Let Go of Your Control – Fly Freefall

In order to fly free, actors – probably all artists – have to let go of the controller. Shut down the monitor. Turn off the ‘decider’. Kick out the censor.

If you put in the ‘ammunition’ – what you need – why you say those words – where you are – what has led to this situation – the past and present of those relationships: you never have to ask yourself ‘how’ to do it. When your preparation is specific, when it is ‘YOU – as if …’ – you never have to ‘show’ us, ‘try to make it interesting’, be bothered about whether the work is ‘big’ or ‘small’. It is a game of life – and life is in the game.

If you act things out – improvise key past moments or moments you refer to; if you engage with your body via physical metaphor, press-ups, hidden animals, memory and imagination – anything that allows you to enter your body so that you come out of your analysing self; if you commit to the instinctive body reactor – you will be able to let go and play true make-believe. Your body will know what to do. Your head will be full of pictures.

You will feel safe and alive in the imaginary situation. You will be able to actually listen – listen for real. See for the first time – see in the present – not in your planned assumptions. You haven’t heard it before. You don’t know what will happen. You deal moment by moment – working it out as you go.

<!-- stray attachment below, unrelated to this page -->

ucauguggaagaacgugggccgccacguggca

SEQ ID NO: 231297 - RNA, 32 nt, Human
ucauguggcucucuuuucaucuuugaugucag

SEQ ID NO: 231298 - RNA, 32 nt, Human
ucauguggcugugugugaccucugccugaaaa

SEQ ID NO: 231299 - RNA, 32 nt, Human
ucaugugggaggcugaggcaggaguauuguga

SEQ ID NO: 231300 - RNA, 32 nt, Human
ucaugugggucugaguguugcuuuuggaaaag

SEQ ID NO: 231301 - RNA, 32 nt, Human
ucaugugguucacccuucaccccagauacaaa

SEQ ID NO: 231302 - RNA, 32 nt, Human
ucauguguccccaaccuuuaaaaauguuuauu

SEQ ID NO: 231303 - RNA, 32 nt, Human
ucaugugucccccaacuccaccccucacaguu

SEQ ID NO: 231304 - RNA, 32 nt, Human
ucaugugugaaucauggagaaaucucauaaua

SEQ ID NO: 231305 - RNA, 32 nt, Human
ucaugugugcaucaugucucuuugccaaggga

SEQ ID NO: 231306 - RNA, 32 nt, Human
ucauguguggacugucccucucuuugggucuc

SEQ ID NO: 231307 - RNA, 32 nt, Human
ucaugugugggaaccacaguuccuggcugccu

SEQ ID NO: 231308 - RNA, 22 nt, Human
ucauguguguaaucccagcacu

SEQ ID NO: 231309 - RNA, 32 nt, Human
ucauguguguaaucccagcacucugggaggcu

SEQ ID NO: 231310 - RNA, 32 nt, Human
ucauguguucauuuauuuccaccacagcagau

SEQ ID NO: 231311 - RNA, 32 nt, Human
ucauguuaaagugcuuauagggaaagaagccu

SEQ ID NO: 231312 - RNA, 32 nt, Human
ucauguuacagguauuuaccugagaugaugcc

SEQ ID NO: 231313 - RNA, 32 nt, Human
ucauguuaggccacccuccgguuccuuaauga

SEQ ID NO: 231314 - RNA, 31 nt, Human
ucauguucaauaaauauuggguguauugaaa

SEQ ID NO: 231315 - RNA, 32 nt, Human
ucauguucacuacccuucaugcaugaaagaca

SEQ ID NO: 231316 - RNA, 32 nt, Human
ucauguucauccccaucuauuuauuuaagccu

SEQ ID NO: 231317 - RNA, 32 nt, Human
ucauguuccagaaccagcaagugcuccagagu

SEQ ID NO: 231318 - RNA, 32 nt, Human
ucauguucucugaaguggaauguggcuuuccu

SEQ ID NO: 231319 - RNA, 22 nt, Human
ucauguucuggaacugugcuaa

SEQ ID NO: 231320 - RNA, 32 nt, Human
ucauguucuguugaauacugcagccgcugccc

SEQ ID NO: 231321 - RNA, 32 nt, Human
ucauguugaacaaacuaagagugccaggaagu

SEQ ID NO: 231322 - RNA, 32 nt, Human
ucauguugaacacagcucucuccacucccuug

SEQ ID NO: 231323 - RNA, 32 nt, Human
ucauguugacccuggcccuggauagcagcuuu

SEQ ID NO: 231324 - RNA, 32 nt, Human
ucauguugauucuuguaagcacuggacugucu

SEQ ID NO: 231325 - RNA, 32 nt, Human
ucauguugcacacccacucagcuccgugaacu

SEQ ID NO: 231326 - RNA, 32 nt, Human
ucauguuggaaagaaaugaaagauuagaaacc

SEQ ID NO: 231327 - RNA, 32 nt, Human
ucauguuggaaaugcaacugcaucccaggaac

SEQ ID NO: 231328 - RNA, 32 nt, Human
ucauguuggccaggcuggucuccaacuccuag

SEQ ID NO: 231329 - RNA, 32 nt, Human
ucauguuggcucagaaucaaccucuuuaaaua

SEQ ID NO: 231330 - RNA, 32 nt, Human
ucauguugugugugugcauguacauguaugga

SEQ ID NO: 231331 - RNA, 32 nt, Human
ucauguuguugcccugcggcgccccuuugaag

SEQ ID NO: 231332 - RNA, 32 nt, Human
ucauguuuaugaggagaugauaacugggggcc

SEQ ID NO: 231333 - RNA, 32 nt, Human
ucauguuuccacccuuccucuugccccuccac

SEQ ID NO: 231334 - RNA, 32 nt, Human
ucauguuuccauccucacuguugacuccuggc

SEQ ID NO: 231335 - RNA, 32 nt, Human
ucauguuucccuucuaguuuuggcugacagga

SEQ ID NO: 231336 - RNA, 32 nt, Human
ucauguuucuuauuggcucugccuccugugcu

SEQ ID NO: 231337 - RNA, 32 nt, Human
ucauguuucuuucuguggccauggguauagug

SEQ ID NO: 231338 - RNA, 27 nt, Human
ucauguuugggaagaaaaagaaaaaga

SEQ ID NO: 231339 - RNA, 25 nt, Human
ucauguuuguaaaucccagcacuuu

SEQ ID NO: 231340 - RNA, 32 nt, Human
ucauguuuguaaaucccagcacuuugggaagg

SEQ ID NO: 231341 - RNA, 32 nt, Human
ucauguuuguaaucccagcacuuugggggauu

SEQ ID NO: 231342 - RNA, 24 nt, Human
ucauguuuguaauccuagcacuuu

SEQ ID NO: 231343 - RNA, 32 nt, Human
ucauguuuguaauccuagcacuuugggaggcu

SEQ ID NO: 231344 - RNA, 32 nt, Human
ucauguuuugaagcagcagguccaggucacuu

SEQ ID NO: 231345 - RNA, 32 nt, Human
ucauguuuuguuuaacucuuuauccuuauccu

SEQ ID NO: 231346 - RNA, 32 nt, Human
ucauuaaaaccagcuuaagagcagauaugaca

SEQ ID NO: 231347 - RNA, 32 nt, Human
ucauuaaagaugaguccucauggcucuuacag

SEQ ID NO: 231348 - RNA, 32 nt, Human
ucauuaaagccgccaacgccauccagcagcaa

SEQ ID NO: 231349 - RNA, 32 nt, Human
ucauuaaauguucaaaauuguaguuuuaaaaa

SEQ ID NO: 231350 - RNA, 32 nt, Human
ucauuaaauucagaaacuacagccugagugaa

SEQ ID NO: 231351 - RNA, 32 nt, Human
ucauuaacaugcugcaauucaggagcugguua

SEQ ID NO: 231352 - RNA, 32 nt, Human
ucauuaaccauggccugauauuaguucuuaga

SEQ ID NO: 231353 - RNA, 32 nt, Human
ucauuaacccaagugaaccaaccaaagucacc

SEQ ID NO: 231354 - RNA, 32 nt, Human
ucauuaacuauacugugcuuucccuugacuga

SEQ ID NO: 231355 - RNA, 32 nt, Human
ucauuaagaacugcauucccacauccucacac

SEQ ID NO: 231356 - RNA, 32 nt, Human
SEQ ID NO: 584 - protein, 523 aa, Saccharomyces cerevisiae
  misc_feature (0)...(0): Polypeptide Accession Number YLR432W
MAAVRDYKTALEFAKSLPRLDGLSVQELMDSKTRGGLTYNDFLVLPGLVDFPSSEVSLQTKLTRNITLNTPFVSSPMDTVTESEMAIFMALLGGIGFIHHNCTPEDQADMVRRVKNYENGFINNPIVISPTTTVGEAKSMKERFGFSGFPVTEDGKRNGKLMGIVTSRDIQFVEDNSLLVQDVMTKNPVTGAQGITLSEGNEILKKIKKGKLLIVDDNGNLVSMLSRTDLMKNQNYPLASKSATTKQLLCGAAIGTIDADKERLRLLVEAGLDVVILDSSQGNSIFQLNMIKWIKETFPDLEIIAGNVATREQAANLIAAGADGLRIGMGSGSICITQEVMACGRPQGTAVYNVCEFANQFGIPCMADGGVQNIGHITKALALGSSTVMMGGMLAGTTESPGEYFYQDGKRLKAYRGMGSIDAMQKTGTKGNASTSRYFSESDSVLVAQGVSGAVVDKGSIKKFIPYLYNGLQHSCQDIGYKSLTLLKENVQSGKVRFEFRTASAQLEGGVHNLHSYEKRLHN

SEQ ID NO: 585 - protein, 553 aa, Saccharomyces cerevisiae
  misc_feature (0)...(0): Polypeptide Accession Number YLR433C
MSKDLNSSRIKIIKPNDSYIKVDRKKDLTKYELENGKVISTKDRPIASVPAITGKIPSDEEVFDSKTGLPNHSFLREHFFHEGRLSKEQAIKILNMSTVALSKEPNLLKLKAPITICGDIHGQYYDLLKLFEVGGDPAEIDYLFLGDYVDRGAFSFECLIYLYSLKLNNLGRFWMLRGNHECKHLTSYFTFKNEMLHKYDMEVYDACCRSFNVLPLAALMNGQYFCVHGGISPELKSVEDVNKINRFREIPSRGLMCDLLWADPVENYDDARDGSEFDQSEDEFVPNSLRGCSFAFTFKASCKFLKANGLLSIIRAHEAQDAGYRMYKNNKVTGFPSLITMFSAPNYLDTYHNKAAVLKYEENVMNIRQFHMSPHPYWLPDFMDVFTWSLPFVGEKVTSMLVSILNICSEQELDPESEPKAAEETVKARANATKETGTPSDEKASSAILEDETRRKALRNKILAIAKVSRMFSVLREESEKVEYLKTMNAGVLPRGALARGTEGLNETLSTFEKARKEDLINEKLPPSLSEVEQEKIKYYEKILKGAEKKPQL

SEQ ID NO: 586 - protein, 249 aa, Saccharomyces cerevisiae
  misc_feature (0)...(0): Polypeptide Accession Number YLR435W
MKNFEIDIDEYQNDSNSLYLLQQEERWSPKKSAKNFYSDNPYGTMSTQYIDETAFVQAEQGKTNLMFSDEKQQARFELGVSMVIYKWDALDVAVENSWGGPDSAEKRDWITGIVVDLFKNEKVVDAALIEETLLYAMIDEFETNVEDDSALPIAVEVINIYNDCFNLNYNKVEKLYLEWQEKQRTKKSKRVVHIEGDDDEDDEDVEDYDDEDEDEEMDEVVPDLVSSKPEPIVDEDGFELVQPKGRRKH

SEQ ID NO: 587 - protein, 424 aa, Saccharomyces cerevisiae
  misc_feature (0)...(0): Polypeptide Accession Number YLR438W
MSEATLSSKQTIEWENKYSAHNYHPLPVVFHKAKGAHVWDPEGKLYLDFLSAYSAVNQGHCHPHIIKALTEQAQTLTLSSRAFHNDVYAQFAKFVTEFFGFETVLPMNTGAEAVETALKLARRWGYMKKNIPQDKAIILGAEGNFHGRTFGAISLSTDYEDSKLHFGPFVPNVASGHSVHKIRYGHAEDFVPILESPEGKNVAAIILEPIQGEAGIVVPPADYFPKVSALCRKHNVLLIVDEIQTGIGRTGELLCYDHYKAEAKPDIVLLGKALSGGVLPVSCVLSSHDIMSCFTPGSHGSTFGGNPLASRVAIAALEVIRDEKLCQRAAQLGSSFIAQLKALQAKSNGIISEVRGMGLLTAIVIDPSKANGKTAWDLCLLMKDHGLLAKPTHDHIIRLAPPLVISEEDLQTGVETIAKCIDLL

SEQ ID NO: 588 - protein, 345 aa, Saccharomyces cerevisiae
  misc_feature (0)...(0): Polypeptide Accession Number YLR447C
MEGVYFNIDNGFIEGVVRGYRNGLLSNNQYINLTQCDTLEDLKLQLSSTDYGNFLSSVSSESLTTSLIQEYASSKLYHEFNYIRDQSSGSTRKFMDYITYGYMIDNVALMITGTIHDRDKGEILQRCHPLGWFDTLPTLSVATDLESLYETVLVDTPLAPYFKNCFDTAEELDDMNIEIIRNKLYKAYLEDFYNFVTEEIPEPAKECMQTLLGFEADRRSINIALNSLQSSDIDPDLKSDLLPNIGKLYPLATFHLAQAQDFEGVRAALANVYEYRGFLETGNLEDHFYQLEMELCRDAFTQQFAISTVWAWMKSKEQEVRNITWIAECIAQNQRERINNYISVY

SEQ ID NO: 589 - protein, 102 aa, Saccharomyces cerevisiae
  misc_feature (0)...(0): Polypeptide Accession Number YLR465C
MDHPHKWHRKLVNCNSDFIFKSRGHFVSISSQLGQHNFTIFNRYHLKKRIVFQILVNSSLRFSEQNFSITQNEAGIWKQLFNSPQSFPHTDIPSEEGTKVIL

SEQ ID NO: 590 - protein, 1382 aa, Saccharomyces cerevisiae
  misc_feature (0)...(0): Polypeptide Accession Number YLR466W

When I ask actors to tell me their real personal stories on screen – they never shadow what is to come. They have the ammunition because it happened to them, so they feel safe. They tell me what they experienced blow by blow. Moment by moment. They take their time. Their gestures are specific. Their speech rhythms vary. They take on the voices and mannerisms of people they talk about. It is crucial for them that we share the pictures in their heads. They are detailed, accurate, re-living, re-seeing the situation. They laugh, they cry – but never where you’d expect them to.  When they get to the awful/wonderful/sad/joyful thing that happened – is happening – it surprises them.

Watching them on screen we see clearly the body being there again; the memories in their muscles; their shining seeing eyes full of thoughts; the engaging of emotion. They are vivid, riveting. All unplanned. Spontaneous. In glorious freefall.

 

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About Mel Churcher

I am an acting coach, voice coach, actor and director.